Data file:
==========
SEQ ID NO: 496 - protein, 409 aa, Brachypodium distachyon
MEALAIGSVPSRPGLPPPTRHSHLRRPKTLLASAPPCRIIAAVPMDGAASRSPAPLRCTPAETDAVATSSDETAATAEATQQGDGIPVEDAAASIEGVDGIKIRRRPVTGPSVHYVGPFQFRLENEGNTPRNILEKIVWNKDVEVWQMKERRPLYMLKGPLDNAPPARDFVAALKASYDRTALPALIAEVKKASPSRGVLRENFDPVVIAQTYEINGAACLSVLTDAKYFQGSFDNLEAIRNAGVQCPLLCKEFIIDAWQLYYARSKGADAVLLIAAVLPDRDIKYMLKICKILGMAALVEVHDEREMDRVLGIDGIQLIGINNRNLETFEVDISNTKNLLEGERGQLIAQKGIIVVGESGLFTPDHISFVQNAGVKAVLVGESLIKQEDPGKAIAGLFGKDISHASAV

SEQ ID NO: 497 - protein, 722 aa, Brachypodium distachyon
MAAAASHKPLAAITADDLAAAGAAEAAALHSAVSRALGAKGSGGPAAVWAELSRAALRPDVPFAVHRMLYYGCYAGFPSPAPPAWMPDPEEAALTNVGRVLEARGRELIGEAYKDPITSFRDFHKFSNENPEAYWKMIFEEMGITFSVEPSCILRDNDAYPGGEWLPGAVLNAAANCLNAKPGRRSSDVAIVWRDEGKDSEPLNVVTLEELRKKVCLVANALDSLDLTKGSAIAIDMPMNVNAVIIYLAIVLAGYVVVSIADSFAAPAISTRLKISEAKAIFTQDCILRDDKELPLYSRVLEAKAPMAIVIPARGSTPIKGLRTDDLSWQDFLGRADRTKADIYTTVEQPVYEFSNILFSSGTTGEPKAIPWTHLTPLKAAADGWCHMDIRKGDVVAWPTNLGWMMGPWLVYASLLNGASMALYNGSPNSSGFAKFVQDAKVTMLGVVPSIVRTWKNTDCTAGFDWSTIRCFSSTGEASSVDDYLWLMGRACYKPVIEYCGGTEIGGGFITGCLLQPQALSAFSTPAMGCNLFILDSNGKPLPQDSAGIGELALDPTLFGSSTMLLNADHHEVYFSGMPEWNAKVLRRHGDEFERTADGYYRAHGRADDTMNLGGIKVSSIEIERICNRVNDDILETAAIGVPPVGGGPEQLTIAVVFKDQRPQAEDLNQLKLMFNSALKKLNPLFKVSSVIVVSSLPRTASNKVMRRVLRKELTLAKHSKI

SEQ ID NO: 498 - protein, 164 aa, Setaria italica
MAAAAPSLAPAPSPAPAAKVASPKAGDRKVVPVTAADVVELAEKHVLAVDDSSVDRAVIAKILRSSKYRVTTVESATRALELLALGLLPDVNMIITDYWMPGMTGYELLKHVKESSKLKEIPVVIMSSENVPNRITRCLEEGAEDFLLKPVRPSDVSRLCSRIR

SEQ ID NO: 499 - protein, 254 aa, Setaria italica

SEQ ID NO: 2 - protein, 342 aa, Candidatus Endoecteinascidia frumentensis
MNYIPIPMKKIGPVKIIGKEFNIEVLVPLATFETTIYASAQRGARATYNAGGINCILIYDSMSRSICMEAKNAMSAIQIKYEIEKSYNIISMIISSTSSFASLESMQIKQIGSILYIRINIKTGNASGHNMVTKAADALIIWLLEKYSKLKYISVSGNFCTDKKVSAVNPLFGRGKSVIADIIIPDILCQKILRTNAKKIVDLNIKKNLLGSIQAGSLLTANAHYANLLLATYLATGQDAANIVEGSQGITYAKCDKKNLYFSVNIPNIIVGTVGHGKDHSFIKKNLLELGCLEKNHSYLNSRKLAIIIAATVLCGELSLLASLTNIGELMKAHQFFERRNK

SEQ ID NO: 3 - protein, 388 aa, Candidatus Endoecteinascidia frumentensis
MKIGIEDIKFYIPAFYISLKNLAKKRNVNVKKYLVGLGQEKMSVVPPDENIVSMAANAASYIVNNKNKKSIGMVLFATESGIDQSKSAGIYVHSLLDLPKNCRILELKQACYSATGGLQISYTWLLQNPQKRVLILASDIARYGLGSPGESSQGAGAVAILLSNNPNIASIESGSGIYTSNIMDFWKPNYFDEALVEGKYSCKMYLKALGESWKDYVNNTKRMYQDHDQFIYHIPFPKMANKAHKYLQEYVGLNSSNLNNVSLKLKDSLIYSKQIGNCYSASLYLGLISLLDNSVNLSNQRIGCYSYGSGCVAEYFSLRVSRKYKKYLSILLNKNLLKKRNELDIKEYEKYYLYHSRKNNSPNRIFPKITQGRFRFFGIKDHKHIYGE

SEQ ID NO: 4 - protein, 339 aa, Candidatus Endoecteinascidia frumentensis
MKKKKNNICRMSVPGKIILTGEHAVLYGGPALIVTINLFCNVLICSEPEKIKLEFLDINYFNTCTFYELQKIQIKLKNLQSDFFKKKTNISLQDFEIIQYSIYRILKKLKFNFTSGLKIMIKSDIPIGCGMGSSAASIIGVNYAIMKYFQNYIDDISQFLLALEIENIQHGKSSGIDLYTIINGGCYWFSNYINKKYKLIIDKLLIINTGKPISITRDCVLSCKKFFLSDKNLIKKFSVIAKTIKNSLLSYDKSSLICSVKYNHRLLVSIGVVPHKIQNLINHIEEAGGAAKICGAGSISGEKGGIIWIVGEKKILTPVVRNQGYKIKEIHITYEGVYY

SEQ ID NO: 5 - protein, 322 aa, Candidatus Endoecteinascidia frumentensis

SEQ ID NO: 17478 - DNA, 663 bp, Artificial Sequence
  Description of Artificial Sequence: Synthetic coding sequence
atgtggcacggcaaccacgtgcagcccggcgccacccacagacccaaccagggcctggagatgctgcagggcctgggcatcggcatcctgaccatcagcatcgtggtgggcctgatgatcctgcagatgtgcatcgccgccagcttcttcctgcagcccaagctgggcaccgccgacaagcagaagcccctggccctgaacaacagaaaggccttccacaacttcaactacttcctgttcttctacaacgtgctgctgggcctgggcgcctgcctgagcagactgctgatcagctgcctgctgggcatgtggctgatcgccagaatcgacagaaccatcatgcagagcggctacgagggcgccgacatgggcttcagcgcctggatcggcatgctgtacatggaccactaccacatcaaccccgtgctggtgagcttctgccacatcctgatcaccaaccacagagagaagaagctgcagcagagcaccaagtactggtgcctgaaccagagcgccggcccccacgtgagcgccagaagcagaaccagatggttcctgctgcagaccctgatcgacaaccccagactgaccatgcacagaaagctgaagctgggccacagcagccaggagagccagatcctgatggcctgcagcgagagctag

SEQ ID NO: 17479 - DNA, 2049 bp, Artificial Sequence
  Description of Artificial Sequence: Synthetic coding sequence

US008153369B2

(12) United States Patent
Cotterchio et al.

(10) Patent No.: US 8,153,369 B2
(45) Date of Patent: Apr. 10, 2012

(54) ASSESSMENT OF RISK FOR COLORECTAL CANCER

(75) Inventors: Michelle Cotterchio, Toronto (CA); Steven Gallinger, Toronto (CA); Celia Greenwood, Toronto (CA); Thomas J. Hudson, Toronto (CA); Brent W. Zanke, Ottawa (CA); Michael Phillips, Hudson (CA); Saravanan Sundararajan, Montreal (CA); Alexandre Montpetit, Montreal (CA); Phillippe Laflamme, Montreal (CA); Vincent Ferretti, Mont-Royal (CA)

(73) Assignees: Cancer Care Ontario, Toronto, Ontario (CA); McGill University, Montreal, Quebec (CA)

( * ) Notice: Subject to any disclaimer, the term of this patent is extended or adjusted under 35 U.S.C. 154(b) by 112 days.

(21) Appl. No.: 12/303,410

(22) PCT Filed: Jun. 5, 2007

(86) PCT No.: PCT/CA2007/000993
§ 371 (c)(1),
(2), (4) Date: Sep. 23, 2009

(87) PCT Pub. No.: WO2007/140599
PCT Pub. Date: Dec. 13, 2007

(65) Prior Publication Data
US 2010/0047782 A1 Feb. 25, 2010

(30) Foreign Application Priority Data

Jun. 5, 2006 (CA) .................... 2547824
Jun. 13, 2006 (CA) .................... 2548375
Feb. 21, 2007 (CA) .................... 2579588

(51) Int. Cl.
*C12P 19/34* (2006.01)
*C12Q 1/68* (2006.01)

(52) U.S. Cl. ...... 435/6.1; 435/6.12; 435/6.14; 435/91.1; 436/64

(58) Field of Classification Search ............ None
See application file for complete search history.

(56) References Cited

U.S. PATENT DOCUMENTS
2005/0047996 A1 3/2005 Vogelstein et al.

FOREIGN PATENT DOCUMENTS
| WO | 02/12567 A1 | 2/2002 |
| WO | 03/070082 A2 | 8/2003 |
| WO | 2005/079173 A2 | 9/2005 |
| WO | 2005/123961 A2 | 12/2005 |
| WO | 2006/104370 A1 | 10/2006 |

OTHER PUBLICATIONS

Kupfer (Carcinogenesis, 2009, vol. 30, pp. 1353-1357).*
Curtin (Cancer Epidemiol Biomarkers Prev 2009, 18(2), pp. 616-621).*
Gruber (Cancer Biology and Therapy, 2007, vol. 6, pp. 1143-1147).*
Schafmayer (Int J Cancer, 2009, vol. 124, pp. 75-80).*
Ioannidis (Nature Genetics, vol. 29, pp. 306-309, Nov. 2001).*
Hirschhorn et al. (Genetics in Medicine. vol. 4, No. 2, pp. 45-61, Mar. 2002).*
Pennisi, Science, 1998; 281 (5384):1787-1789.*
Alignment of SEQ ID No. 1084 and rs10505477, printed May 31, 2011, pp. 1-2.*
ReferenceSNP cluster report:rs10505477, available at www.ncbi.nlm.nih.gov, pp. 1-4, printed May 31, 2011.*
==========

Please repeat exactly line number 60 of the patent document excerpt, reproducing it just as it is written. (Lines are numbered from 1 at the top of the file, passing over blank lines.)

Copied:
Gruber (Cancer Biology and Therapy, 2007, vol. 6, pp. 1143-1147).*